Beat The Heat Running Tips
Running out of ways to stay cool on your jogs?
Here are 6 tips to help you beat the heat when running this season.
The sun is beaming, blue skies all around, you’re ready to put your sunnies on and get outside for a run! Except, it’s so hot you can barely breathe when you step out of your house.
Everyone can agree that our moods improve immediately when the sun is shining and there’s a nice warm breeze outside. Motivation sets in to get out and move! But when it’s extremely humid, you’re only looking for the nearest pool, beach or patio rather than sweating it out in the beaming sun.
For all the miles you go, we’ve got you when you need some friendly reminders on how to beat the heat.
Our Bodies Reaction to Heat
Let’s start by understanding how our bodies react to heat.
The body’s normal core temperature is 37-38C. If it heats up to 39-40C your body starts to get fatigued and will slow down, at 40-41C heat exhaustion is likely (2019, MedlinePlus). When temperatures rise, the body reacts by increasing blood flow to the skin's surface, taking the heat from within the body to the surface. This means your body begins producing increased sweating, your heart rate increases, and your blood vessels dilate (2019, BBC News).
- Sunscreen is your best friend. The sun may be saying, “burn, baby, burn” but you’ll be lathered up in SPF the sun won’t know what hit ‘em. No matter what, you should always be wearing sunscreen; even on a cloudy day. Before you get dressed and ready to head out the door, put on sweat proof sunscreen with an SPF of 30 or higher.
- Did we just say fashion matters? We sure did. Wearing breathable, flowy and light clothing makes all the difference when you’re doing any sort of physical activity, but it’s even more imperative when being physically active in the heat. Also, make sure to wear light coloured clothing as black attracts the sun. And don’t forget about your eyes! They matter just as much as your skin. Protect them with some practical sports-performance shades. Lastly, it’s a good idea to wear a visor or hat to protect your face and the top of your head!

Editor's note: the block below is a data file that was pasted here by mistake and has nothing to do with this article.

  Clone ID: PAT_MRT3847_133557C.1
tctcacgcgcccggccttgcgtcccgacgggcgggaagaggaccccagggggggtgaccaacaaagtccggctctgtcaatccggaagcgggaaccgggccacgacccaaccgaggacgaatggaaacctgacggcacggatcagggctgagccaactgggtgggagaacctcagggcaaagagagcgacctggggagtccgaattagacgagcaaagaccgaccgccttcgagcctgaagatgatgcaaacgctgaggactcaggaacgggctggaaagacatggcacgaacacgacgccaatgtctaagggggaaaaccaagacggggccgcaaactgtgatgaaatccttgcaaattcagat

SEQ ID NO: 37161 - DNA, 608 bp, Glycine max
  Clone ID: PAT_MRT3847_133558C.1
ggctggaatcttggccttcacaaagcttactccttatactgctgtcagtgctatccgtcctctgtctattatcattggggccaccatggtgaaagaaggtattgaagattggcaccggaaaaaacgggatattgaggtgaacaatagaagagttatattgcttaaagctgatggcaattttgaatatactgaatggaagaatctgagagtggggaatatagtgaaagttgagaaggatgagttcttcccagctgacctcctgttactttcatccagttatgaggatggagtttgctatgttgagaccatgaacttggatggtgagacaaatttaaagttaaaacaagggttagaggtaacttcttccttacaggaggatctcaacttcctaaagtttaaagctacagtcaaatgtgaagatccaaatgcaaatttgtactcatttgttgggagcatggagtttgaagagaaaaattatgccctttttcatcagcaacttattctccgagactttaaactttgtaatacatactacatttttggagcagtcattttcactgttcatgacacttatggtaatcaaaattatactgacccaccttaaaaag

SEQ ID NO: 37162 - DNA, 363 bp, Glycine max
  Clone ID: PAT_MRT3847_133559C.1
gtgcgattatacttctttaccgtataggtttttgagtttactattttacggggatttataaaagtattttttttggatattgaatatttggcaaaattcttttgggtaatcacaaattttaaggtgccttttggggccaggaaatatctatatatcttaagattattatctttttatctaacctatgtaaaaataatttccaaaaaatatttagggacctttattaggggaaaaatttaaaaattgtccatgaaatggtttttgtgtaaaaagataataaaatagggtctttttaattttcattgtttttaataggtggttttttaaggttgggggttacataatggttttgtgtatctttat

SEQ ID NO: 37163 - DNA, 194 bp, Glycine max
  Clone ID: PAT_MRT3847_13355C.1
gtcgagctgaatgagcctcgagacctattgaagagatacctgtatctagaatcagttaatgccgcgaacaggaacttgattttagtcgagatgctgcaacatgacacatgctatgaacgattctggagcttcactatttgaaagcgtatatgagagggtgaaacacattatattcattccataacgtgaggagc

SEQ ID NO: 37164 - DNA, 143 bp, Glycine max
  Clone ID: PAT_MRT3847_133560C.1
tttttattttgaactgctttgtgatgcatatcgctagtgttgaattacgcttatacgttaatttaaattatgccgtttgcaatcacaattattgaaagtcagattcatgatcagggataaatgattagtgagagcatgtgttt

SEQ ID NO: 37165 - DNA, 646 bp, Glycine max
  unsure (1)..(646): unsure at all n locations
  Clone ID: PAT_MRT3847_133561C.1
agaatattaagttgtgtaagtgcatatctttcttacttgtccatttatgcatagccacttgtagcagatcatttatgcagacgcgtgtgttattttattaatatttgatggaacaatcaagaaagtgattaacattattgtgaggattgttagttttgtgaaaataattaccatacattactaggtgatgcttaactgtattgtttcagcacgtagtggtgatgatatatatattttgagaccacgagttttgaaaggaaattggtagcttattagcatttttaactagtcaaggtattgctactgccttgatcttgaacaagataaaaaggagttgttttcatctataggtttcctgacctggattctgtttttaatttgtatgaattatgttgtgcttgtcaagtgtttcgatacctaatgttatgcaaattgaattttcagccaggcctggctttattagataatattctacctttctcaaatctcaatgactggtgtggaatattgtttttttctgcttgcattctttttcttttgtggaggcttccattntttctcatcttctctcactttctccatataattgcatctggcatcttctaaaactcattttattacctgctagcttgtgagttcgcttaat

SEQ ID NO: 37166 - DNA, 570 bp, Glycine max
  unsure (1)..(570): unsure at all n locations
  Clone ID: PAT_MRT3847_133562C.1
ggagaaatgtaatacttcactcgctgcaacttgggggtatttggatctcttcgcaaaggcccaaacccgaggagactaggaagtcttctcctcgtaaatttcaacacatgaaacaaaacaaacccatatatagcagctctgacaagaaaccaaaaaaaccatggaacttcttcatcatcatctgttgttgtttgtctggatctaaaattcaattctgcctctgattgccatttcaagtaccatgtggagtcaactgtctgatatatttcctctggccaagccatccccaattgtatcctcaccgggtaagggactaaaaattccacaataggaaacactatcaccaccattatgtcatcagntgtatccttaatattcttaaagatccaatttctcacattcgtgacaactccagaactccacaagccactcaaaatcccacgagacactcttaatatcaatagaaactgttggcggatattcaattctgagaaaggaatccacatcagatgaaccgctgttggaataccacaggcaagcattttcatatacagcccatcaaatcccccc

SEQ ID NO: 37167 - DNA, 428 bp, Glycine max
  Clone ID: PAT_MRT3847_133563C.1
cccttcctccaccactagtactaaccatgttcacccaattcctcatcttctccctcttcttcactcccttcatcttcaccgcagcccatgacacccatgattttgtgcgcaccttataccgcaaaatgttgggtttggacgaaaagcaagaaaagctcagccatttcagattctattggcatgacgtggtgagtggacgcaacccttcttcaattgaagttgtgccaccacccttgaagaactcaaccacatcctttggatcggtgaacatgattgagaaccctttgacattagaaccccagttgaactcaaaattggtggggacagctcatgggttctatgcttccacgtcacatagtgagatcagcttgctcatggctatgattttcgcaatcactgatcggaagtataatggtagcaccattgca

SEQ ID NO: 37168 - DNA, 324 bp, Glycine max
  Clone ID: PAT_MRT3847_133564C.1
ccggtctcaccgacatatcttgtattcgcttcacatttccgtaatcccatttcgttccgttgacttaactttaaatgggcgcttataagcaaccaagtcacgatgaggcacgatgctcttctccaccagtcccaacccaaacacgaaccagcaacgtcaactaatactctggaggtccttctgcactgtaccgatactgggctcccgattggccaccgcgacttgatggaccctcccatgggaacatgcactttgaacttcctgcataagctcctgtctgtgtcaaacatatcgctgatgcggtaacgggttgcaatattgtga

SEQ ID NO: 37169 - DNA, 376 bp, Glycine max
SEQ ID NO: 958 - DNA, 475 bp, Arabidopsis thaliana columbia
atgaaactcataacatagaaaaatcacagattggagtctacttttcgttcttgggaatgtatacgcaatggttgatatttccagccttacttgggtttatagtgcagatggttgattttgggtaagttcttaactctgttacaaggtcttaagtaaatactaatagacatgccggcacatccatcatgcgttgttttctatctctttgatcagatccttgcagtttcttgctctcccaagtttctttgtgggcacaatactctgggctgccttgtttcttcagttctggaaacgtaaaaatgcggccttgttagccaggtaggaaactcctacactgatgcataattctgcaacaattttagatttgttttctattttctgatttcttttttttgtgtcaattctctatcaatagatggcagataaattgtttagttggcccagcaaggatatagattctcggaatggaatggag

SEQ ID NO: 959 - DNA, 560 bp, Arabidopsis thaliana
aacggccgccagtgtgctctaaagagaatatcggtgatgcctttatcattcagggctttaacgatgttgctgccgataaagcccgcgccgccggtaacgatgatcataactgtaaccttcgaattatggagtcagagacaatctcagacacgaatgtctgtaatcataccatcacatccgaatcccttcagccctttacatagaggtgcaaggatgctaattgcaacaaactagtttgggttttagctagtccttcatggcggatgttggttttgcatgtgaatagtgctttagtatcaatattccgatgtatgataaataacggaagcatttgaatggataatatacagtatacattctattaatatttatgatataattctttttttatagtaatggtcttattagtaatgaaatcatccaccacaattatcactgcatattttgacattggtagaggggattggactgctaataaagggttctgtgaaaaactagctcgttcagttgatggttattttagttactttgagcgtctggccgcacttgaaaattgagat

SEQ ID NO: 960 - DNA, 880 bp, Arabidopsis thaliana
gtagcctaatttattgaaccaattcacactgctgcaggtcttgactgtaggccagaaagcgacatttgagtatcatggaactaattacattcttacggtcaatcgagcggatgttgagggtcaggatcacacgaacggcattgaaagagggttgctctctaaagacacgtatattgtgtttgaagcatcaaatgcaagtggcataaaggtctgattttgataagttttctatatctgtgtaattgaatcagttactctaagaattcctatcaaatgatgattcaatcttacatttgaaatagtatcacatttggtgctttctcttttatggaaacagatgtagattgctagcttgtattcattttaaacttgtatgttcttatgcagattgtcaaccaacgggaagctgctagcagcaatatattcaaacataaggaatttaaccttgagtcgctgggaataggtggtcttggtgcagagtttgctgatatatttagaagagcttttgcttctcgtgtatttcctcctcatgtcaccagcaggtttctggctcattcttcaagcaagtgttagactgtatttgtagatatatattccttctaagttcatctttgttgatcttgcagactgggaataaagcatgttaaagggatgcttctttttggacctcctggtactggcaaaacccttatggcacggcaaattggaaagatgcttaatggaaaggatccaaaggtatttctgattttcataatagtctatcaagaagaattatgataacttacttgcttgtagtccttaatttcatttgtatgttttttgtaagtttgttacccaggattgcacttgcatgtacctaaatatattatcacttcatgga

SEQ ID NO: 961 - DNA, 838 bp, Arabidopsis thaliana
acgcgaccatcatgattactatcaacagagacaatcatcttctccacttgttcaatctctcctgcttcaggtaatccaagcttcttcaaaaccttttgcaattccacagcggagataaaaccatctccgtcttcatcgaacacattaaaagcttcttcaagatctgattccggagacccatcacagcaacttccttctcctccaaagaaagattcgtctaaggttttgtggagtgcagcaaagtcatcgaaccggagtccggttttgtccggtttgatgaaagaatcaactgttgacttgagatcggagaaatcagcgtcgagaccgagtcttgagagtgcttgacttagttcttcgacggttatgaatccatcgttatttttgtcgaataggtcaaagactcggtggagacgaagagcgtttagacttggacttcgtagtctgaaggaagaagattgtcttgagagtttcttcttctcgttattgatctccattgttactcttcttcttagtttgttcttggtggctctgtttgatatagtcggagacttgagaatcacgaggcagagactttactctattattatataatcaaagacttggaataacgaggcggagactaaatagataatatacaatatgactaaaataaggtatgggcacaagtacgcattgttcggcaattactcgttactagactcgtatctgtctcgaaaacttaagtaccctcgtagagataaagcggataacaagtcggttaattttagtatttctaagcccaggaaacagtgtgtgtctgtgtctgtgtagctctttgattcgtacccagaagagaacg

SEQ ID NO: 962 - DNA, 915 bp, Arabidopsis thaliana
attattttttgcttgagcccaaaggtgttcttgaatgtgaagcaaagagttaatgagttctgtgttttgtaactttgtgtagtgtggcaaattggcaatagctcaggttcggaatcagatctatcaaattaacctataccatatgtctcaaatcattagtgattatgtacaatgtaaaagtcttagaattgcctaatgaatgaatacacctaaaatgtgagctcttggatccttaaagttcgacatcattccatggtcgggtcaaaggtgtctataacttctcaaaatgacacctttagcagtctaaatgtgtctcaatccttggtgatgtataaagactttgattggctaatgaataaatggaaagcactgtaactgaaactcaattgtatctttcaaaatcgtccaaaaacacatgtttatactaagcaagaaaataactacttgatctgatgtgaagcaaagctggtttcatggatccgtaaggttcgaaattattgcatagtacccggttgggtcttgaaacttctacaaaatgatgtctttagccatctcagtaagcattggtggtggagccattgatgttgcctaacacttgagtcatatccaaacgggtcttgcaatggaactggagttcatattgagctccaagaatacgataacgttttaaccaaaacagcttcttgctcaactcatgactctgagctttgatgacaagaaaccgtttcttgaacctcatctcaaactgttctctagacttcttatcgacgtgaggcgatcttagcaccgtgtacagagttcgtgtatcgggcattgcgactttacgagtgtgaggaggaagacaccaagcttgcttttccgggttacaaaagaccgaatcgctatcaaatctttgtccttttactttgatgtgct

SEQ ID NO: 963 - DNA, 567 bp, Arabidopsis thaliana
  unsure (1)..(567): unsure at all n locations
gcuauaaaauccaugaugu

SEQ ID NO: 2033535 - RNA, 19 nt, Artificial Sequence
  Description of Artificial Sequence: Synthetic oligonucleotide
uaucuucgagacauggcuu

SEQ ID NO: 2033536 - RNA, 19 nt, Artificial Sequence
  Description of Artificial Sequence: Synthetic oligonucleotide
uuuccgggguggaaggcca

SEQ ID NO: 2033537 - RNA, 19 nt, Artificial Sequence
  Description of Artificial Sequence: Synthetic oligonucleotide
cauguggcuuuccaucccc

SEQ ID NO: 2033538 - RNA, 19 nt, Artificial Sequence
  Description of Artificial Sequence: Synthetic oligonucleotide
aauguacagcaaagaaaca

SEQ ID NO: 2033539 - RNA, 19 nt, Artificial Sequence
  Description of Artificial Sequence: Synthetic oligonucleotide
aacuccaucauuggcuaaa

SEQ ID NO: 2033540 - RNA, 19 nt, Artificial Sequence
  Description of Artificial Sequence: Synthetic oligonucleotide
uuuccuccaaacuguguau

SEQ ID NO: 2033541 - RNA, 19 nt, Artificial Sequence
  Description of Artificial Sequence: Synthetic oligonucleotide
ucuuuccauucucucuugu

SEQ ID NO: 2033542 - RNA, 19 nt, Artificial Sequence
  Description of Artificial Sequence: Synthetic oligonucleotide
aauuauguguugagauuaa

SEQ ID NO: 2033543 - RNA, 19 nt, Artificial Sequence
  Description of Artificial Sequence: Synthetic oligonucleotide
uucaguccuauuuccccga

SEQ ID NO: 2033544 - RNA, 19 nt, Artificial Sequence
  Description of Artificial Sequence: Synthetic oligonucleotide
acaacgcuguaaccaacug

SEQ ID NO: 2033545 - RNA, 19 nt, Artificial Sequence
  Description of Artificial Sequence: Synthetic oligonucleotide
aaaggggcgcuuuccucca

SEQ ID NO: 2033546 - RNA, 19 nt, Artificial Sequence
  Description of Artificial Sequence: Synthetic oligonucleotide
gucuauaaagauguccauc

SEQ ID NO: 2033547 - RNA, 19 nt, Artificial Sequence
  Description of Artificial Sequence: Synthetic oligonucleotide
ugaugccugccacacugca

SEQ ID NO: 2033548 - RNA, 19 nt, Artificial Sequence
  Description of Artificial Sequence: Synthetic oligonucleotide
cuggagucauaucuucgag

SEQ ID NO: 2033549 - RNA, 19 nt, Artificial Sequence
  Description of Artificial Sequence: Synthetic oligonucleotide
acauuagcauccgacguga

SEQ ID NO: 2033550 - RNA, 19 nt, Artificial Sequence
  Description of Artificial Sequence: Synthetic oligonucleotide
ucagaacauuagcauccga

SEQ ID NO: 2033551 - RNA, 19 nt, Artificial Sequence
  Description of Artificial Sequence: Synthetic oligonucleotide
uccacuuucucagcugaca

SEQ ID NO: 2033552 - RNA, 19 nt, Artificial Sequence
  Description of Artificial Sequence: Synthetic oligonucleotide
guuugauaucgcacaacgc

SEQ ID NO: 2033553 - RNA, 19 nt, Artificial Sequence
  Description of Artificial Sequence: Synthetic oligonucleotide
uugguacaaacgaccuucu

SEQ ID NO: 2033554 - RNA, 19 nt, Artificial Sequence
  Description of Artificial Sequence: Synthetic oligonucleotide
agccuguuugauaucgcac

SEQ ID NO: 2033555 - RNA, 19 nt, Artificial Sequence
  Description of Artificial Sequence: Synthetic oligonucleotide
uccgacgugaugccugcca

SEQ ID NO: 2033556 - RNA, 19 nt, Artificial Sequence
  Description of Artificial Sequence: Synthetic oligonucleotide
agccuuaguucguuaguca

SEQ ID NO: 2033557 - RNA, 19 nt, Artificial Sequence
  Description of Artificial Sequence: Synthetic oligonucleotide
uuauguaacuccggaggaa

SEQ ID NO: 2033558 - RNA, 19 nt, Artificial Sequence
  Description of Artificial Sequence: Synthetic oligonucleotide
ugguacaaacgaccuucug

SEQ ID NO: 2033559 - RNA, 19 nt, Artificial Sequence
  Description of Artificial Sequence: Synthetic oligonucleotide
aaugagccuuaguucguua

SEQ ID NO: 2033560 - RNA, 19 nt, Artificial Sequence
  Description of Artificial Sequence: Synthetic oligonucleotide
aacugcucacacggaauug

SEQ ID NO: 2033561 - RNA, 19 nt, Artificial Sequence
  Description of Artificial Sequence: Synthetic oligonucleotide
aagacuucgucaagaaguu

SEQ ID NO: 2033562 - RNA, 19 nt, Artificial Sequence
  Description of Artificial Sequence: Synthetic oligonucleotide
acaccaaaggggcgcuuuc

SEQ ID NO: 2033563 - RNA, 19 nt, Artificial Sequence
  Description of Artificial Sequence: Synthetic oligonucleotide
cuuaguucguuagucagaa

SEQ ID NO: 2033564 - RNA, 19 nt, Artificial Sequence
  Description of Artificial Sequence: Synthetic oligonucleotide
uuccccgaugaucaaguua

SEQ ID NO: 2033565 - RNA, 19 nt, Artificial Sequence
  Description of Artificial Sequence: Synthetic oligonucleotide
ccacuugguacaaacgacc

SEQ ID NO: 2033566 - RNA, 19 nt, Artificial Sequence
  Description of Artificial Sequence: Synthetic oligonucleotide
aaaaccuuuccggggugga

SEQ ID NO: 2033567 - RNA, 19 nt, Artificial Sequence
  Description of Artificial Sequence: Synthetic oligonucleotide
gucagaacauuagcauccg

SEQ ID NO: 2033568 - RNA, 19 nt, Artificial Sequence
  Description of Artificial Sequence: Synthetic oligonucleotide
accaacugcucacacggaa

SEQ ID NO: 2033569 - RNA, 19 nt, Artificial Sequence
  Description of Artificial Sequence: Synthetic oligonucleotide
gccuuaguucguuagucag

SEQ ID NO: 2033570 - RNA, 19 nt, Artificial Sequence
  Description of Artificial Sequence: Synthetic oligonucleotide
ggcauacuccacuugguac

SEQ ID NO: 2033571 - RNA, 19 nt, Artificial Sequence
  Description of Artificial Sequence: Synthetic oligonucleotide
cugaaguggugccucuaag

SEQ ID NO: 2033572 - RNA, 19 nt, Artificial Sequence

- Early bird or night owl? Both will do. If you’re an early riser and like to head out before the sun comes up, then running at this time is perfect for you. It’s cooler and the sun hasn’t hit its midday peak, which can be extremely difficult to run in. If you night owls think you’re off the hook, you’re wrong! Running later in the evening is also a great option to avoid sweltering heat since it won’t irritate your airways. It’s a win-win and a no-excuse kind of deal!
- Time to get shady. Changing your usual running route may be necessary to ensure you maintain a good body temperature. Pick places like a park that offer shady areas and fountains, or a nearby forest, which offers plenty of shade, picturesque views and keeps you off asphalt. Reminder: hotter temperatures boost your heart rate even if you are running at your usual pace.
- Ok, H20 is actually your REAL best friend! I know we said SPF is your BFF, but both can hold that title, right? You should be hydrating on the daily anyway but it’s most important to hydrate when you’re physically active since you lose a lot of fluids and minerals like magnesium and iron from sweating (2019, Runtastic). If you’re not staying hydrated before, during and after your run, you could become severely dehydrated. Whether it’s a water belt, pack or a convenient hand-held bottle, it’s extremely important for you to have water on you during your run in the sun.
- You know what they say, “Slow and steady wins the race”. Don’t be a champ and continue running outside if you’re feeling dizzy, weak, have muscle cramps or a headache. Stop immediately, get some shade, drink water and chill. With that said, you don’t have to let the spiking temperatures ruin your passion either. Go slow, take your time and enjoy the view! Or take it indoor if you must. Find a nice indoor track or hit the treadmill at the gym.